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Titration Coursework

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Titration Coursework Aim: My aim of this investigation is to find out the concentration of Sulphuric Acid (H2SO4) in a solution between 0.05 and 0.15 mol dm-3. During this investigation, I will be making a standard solution of Sodium Carbonate, of strength of 0.1 molar (M). In order to create this solution, I will be using a 250ml volumetric flask Firstly, I will need to know how much sodium carbonate I will need to use in my standard solution, which means that I will need to know the amount of moles and grams needed. For 1dm3: M = 0.1x106 = 10.6g For 250ml: 10.6 x 0.25 = 2.65g of Sodium carbonate By looking at above, you can see that by working out the amount of mass needed, I will need to use 2.65g of sodium carbonate to make my standard solution. Indicator solution For my solutions, I will be using an indicator solution, which is called methyl orange. This indicator is often chosen to be used in titrations because of its clear colour change. For the reason that it changes colour at the pH of a mid-strength acid, it is usually used in titrations for acids. Unlike a universal indicator, methyl orange does not have a full spectrum of colour change, but has a sharper end point. The reason why I will be using this indicator is because I am going to be using a strong acid and a weak alkali. As a result, for a titration that involves a strong acid and a weak alkali I would have to use this type of indicator. ...read more.


I will talk about the risks that are posed and I will explain how they can be overcome. One of the main risks of this experiment is the sulphuric acid, as it is irritant. I will also need to be aware of it getting in my eyes as it can cause irritation in my eyes as well. In order for me to reduce this risk, I will use a dilute sulphuric acid to minimise corrosiveness. Alongside this, I will need to wear goggles at all time to not allow the acid to come in contact with my eyes. The sodium carbonate (Na2CO3), which I use is very irritant if in contact with skin or swallowed. Therefore, in case of an emergency I will call 999, which would be a quick emergency. As there is a high number of glassware used in this experiment, I will need to be very careful if any glass breaks by any chance as I can get in contact with my body in case it breaks. Therefore, I will be wearing goggles at all times to minimise this risk. During the experiment, I will need to be sure that I wear goggles at all times in order to reduce the risk of any substance from getting in the eye. I will need to make sure that there is no running in the class in case I run into any equipment. Before, I star any of the experiment; I will need to wash my hands properly and after the experiment. ...read more.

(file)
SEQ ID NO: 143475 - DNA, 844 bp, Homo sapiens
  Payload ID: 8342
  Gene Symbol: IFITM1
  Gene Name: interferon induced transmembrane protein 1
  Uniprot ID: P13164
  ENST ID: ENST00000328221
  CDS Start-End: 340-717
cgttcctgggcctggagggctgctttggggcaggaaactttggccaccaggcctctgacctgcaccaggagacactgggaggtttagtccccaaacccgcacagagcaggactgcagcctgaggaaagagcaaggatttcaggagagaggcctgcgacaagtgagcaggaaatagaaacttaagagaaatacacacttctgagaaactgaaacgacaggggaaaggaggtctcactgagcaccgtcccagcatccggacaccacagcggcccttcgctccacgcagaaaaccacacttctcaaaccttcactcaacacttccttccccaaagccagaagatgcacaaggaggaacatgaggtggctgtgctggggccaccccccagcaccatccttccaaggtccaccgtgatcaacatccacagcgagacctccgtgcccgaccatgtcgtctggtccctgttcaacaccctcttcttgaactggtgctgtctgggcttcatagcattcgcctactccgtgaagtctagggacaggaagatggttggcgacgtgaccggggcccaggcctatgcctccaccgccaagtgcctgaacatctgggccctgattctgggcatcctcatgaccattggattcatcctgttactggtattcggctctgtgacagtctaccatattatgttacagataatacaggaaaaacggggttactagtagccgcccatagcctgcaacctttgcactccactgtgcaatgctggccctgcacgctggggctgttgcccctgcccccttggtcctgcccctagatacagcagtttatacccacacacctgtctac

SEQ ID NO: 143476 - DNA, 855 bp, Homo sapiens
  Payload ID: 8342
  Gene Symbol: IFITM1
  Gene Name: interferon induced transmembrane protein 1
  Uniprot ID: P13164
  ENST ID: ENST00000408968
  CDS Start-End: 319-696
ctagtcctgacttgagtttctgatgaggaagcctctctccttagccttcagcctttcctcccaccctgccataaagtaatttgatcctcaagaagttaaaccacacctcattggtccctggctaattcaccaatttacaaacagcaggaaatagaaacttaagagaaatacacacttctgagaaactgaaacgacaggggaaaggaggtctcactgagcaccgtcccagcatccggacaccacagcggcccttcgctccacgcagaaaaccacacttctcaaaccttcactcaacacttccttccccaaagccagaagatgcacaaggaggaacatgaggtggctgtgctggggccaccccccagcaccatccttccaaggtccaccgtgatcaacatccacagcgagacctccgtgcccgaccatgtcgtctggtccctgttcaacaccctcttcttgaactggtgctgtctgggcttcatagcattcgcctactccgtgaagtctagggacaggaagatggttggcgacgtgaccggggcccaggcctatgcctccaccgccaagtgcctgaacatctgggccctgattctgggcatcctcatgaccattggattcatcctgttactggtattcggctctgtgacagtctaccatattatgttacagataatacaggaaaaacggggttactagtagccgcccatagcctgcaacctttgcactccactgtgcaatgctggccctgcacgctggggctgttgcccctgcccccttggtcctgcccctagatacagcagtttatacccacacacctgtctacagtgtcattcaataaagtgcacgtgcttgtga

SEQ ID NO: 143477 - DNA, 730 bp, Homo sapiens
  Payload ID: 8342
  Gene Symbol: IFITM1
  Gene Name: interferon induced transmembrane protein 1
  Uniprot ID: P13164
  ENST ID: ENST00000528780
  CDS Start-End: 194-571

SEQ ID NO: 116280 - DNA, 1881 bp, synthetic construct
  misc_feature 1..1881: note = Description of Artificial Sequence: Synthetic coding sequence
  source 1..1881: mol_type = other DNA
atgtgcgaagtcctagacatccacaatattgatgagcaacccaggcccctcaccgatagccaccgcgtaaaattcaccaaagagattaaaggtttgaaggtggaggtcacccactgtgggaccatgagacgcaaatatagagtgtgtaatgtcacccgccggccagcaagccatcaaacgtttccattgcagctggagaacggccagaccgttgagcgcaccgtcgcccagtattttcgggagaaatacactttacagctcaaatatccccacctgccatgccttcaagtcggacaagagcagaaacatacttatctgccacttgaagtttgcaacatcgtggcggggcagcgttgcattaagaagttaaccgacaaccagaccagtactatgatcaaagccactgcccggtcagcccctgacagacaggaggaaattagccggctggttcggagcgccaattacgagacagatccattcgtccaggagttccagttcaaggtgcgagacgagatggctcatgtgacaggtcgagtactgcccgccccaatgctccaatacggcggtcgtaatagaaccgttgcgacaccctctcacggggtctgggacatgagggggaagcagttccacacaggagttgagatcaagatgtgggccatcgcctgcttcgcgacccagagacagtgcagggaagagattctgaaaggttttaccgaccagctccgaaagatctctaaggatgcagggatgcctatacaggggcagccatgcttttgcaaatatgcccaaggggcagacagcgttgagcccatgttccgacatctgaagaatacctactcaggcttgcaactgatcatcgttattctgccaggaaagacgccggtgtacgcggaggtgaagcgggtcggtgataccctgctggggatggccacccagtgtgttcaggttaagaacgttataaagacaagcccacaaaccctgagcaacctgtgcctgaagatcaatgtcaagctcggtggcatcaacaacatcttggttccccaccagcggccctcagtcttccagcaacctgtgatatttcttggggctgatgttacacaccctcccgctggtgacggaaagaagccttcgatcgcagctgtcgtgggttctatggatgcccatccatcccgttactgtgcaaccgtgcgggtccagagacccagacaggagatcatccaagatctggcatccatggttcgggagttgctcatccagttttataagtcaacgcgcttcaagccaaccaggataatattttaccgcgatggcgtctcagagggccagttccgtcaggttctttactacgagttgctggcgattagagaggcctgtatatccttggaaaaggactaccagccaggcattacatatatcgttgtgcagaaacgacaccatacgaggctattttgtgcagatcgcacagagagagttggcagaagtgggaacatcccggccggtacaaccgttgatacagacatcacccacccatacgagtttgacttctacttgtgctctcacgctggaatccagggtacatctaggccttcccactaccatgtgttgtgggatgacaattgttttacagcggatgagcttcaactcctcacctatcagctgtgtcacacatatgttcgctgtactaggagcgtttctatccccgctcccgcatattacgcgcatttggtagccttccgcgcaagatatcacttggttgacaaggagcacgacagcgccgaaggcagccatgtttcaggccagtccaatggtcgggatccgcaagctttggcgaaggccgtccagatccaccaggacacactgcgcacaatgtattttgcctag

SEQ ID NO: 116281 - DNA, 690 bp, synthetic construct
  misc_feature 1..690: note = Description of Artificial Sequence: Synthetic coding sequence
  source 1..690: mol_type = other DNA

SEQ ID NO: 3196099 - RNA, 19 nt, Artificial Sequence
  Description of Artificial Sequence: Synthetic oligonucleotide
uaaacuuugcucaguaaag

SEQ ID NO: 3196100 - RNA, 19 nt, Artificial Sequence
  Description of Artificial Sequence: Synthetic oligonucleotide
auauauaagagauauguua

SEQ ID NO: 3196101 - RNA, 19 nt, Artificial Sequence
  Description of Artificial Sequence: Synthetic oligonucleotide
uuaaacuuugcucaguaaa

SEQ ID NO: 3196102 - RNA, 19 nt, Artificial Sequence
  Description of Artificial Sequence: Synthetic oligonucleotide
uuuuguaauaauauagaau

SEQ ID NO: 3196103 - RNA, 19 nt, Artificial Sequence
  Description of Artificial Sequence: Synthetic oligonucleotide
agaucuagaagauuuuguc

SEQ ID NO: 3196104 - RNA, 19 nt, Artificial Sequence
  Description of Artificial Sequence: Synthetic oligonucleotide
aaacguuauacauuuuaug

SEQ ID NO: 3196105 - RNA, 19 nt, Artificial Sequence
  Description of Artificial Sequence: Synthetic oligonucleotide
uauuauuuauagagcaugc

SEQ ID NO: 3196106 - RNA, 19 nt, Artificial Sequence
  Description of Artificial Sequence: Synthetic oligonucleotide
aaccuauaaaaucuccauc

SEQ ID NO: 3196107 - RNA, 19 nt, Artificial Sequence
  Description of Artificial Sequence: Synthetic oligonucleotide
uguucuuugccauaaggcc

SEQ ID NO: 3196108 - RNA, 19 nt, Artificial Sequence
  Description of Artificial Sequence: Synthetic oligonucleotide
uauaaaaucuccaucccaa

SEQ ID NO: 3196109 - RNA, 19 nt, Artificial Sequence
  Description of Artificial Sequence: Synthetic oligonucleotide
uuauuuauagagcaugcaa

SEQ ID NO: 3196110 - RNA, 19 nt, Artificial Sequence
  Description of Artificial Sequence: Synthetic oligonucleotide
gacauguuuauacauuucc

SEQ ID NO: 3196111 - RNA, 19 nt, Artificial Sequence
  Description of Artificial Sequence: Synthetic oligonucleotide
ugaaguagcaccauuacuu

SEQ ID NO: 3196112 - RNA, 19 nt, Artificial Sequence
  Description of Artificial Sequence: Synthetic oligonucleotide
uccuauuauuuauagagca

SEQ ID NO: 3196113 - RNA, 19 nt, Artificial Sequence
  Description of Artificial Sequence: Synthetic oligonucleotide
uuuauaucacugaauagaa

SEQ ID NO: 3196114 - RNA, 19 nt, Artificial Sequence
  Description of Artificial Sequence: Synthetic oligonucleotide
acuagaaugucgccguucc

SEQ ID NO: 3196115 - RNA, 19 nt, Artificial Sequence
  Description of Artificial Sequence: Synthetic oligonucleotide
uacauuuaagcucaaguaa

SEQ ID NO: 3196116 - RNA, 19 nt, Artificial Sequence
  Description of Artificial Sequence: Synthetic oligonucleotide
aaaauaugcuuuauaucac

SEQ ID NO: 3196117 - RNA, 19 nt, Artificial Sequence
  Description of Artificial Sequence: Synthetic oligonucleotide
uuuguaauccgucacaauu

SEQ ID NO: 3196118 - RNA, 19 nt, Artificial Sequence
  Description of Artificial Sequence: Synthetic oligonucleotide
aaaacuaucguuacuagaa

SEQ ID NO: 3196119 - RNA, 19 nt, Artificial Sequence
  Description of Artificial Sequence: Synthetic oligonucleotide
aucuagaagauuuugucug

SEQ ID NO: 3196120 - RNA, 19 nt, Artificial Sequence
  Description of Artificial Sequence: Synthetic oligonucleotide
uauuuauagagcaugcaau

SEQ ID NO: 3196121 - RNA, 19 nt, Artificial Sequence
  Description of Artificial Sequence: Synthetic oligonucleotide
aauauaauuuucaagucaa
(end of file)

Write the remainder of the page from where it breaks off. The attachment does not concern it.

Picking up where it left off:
of sulphuric acid should be used, which allowed me to know when to expect the end point. Other ways of predicting my end point could also be used. These include, using a potentiometer, which is an instrument that measures the electrode potential of a solution. These are used for titrations based on a redox reaction; the potential of the working electrode will suddenly change as the endpoint is reached. Precision of apparatus used Percentage error (%) = Error x 100 Reading As I used a glass pipette in the experiment, the error of the glass pipette is +/-0.06cm3. Percentage error of glass pipette = (0.06/25) x 100 = +/-0.24%. I also used a burette, which has an error of +/- 0.05cm3. As I took two readings, the error is therefore, going to be double - 0.10cm3. Percentage error of burette = (0.10/25) x 100 = +/-0.40% The volumetric flask, which I used has an error of +/- 0.20cm3. Percentage error of volumetric flask = (0.20/250) x 100 = +/-0.08% The mass balance, which I used also has an error of +/-0.05cm3, however, as I will be taking two readings, my overall error is +/-0.010cm3. Percentage error of mass balance = (0.010/2.65) x 100 = +/-0.32236% Overall, I think that my precision errors are very significant as you can see, that they are not a major factor in my investigation, which meant that they did not affect my results very much. However, if the volumes I used were smaller, then the percentage error would have a significant impact on the results. Therefore, I used large volumes so that the percentage error will not have significant impact on my results. ...read more.

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